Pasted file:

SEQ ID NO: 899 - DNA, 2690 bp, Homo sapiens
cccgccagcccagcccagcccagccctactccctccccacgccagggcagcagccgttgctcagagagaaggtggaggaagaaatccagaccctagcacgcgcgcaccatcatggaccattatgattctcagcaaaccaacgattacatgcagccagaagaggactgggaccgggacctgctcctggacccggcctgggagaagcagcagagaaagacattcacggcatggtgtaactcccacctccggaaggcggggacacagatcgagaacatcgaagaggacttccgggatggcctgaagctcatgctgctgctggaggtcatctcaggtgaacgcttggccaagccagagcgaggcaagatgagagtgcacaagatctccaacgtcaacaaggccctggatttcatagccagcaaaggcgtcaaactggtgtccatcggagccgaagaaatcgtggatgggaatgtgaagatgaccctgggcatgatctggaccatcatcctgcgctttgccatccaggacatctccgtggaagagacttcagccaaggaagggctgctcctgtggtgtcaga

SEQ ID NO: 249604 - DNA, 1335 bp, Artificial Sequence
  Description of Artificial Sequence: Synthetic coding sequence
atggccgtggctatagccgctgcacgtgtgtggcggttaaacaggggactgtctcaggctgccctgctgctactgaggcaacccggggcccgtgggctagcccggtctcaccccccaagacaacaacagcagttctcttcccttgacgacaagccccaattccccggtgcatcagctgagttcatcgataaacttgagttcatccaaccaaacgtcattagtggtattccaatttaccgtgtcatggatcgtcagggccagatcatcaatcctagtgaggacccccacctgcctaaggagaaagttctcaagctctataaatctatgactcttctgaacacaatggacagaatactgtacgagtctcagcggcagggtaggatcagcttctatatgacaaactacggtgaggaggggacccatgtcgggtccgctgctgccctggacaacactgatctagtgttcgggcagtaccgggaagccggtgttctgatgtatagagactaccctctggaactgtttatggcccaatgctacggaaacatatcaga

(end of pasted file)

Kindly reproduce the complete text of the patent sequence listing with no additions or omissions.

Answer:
SEQ ID NO: 899 - DNA, 2690 bp, Homo sapiens
cccgccagcccagcccagcccagccctactccctccccacgccagggcagcagccgttgctcagagagaaggtggaggaagaaatccagaccctagcacgcgcgcaccatcatggaccattatgattctcagcaaaccaacgattacatgcagccagaagaggactgggaccgggacctgctcctggacccggcctgggagaagcagcagagaaagacattcacggcatggtgtaactcccacctccggaaggcggggacacagatcgagaacatcgaagaggacttccgggatggcctgaagctcatgctgctgctggaggtcatctcaggtgaacgcttggccaagccagagcgaggcaagatgagagtgcacaagatctccaacgtcaacaaggccctggatttcatagccagcaaaggcgtcaaactggtgtccatcggagccgaagaaatcgtggatgggaatgtgaagatgaccctgggcatgatctggaccatcatcctgcgctttgccatccaggacatctccgtggaagagacttcagccaaggaagggctgctcctgtggtgtcaga

SEQ ID NO: 249604 - DNA, 1335 bp, Artificial Sequence
  Description of Artificial Sequence: Synthetic coding sequence
atggccgtggctatagccgctgcacgtgtgtggcggttaaacaggggactgtctcaggctgccctgctgctactgaggcaacccggggcccgtgggctagcccggtctcaccccccaagacaacaacagcagttctcttcccttgacgacaagccccaattccccggtgcatcagctgagttcatcgataaacttgagttcatccaaccaaacgtcattagtggtattccaatttaccgtgtcatggatcgtcagggccagatcatcaatcctagtgaggacccccacctgcctaaggagaaagttctcaagctctataaatctatgactcttctgaacacaatggacagaatactgtacgagtctcagcggcagggtaggatcagcttctatatgacaaactacggtgaggaggggacccatgtcgggtccgctgctgccctggacaacactgatctagtgttcgggcagtaccgggaagccggtgttctgatgtatagagactaccctctggaactgtttatggcccaatgctacggaaacatatcaga